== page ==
I know church planting is in vogue right now. Planting networks are springing up all over the place and churches that want to be seen as right trendy are all talking about it. And, to be clear from the get-go, we badly need more churches in the UK. There are lots of areas of the country that are woefully under-churched with many people who have never so much as heard the name of Jesus other than as a swear word. Anybody working to get churches into areas like these has both my support and admiration.
But I want us to be equally clear that church planting is not, of itself, the goal. The Great Commission was not, ‘go into all the world and plant churches’. Jesus said to go and make disciples. The goal, then, is the making of disciples who make disciples. That does not mean that we don’t need churches as a vehicle for that work. I would go as far as to say the church is God’s appointed means of making disciples. But we need to be clear on the end goal here. It is not planting churches but making disciples.
This may seem like a fine distinction, especially if I am arguing that we need churches in order to make disciples. But it really isn’t. Because much of what we see happening is church planting that seems happy to content itself broadly with having planted churches. That may be well and good but I would want to ask, how many disciples have we seen as a result?
All too often we see church planting as the goal in itself. We move a handful of Christians to a new area, begin teaching the Bible, start taking communion so that we can call ourselves a church rather than a group of Christians in a room together, and we content ourselves with that. We’ve planted our church and now we can rest happy in the fact that a place with no church now has one. But, without putting too fine a point on it, what has that really done for the kingdom? Haven’t we just moved a few people from one area to another? Or, as one minister recently put it, isn’t that ‘moving fat around the body’?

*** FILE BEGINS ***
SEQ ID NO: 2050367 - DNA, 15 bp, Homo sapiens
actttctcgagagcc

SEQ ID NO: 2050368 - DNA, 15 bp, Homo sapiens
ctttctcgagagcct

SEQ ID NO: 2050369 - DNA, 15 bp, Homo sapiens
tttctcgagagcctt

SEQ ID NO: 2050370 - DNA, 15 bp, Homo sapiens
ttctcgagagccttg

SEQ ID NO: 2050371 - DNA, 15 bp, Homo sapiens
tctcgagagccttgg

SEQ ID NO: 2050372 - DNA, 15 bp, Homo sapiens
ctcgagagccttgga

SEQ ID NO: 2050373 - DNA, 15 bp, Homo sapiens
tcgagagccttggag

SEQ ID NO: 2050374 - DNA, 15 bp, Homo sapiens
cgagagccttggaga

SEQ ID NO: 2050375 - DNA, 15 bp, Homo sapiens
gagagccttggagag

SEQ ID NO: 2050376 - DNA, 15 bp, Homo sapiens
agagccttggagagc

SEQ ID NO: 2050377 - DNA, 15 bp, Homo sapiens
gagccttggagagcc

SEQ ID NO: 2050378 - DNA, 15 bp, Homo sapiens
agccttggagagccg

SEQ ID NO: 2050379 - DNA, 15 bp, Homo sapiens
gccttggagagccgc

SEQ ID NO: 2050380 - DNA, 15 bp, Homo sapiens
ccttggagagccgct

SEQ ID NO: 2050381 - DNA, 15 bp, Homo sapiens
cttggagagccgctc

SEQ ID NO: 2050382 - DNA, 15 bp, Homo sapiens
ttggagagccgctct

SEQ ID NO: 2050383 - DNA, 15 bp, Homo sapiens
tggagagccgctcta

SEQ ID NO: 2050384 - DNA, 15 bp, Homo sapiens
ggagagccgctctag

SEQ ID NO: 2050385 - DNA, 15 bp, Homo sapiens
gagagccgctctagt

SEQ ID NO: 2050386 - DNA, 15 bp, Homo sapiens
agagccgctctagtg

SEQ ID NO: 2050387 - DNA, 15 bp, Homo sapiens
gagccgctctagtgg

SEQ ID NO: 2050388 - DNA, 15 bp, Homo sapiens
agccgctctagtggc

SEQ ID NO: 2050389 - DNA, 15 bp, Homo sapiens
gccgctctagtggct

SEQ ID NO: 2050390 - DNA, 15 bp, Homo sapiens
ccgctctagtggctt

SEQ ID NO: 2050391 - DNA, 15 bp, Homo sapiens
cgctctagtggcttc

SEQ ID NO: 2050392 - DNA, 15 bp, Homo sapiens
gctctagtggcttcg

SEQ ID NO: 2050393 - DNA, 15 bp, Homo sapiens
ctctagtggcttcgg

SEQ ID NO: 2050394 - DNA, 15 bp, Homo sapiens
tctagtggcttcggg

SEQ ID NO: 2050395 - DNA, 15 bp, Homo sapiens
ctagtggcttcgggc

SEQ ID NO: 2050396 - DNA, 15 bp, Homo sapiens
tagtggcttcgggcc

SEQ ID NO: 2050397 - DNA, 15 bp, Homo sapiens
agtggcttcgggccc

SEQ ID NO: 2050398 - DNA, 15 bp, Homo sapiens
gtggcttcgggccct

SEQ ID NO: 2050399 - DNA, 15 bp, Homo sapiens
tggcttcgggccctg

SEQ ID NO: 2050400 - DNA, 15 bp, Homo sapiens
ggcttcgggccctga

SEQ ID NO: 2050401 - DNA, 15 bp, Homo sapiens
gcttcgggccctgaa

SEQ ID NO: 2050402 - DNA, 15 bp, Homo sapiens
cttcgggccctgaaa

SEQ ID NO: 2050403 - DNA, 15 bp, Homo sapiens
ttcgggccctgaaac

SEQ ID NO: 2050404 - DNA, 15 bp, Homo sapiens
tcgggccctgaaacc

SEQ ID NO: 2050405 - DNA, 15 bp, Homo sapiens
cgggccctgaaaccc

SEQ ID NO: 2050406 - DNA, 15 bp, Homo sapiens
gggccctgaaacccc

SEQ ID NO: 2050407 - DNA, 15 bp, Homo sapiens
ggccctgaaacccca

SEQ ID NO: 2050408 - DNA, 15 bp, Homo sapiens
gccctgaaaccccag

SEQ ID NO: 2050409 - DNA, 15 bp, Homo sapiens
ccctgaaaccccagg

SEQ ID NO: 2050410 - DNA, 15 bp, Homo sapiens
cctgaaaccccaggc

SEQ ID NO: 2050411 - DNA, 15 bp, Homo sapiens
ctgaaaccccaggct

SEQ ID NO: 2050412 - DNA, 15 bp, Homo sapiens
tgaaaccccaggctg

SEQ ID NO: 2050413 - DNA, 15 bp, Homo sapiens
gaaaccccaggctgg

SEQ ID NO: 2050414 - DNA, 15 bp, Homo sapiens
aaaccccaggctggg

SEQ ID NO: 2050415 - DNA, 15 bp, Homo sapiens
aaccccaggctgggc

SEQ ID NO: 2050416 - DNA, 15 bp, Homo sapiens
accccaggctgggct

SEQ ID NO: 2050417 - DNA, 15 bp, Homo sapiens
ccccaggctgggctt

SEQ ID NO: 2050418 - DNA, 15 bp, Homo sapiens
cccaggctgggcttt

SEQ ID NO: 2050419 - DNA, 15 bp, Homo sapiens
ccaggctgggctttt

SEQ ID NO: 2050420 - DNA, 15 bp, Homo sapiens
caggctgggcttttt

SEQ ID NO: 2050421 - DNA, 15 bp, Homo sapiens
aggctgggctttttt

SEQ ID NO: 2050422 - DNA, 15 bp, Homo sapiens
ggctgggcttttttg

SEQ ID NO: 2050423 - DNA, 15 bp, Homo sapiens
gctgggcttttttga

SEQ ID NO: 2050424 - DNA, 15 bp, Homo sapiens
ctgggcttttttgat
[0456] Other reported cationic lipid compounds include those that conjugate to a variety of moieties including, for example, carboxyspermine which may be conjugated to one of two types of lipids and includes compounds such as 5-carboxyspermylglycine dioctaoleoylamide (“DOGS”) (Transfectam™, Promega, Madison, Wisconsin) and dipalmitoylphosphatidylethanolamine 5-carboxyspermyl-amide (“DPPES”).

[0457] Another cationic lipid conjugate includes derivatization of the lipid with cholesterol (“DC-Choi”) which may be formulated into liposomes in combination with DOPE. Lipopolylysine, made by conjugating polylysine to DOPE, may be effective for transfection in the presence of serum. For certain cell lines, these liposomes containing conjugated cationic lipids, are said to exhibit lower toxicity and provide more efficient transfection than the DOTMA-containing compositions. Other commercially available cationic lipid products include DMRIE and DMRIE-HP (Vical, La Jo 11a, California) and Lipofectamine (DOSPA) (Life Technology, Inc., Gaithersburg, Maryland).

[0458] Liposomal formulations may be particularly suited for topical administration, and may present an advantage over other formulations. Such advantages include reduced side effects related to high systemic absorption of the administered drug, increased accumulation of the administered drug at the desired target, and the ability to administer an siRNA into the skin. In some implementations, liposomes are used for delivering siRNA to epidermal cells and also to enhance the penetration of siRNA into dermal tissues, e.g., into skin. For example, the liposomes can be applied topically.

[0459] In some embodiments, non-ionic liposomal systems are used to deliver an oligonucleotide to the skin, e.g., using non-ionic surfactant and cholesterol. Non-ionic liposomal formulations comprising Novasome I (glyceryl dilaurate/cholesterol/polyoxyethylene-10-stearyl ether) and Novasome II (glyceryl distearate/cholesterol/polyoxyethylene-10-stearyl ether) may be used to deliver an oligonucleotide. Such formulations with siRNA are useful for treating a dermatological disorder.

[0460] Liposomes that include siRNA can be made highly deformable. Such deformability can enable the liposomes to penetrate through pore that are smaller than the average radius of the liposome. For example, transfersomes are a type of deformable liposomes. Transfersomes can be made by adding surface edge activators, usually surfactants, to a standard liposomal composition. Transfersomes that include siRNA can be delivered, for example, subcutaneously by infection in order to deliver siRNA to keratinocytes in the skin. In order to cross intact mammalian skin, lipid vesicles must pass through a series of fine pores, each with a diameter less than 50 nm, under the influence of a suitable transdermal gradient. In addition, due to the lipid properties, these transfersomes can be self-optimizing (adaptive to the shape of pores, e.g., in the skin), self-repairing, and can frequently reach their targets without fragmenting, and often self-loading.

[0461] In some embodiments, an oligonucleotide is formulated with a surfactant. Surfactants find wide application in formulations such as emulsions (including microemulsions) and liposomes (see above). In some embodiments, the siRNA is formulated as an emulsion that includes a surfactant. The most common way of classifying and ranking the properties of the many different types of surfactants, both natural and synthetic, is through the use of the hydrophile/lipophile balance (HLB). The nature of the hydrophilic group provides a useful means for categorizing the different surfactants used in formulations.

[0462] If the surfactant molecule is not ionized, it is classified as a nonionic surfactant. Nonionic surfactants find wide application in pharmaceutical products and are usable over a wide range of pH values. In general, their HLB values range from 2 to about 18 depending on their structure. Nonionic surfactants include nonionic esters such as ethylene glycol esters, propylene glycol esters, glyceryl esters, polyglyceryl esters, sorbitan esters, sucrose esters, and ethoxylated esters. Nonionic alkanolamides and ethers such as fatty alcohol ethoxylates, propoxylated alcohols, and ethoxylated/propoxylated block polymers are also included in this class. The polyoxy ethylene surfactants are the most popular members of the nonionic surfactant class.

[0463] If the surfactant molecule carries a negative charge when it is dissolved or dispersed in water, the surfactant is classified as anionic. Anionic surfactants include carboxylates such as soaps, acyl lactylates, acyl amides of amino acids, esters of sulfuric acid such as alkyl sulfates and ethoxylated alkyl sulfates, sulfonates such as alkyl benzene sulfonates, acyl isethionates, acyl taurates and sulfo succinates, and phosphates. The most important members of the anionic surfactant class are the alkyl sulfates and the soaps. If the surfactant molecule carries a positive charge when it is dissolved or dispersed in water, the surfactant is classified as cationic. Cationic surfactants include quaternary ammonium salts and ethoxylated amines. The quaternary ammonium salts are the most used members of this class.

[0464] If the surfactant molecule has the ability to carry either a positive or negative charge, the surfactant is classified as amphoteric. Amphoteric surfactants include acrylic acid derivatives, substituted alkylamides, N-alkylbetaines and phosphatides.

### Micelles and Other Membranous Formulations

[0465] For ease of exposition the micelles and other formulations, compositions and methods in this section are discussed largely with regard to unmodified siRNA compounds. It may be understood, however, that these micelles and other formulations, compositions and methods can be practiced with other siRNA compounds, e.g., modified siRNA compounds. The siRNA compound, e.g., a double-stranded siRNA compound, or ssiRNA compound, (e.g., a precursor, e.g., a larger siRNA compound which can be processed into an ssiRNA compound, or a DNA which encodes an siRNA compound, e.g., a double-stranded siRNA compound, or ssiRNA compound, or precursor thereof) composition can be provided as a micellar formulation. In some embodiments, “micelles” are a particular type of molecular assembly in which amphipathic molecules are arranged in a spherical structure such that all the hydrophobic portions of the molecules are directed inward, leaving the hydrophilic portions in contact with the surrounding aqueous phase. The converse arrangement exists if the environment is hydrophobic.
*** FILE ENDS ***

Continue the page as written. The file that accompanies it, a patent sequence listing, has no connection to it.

No doubt you will now think of all the churches that have been planted which have seen real fruit for the kingdom. They have been placed on estates, in towns and cities where there was previously no church. Through the ongoing witness of those churches, people have come to know Jesus Christ and are continuing to grow up in him. Some of them may even have been there long enough to train up converts and send them out to lead other churches. I know of those places too and I praise God for them.
But, all too often, that is not the picture we see. We see core teams made up of sending churches, and as your team establishes itself, others look on and jump ship. As your church grows, those moving into your town or city consider joining your church too. But much of it seems to be large amounts of transfer growth and limited growth by conversion. At some point, we’ve got to ask some hard questions. Some of those questions need to include, why is our growth not coming by conversion? Why, by the same token, are we pouring our resources into churches that appear to largely cater for Christian transfer growth?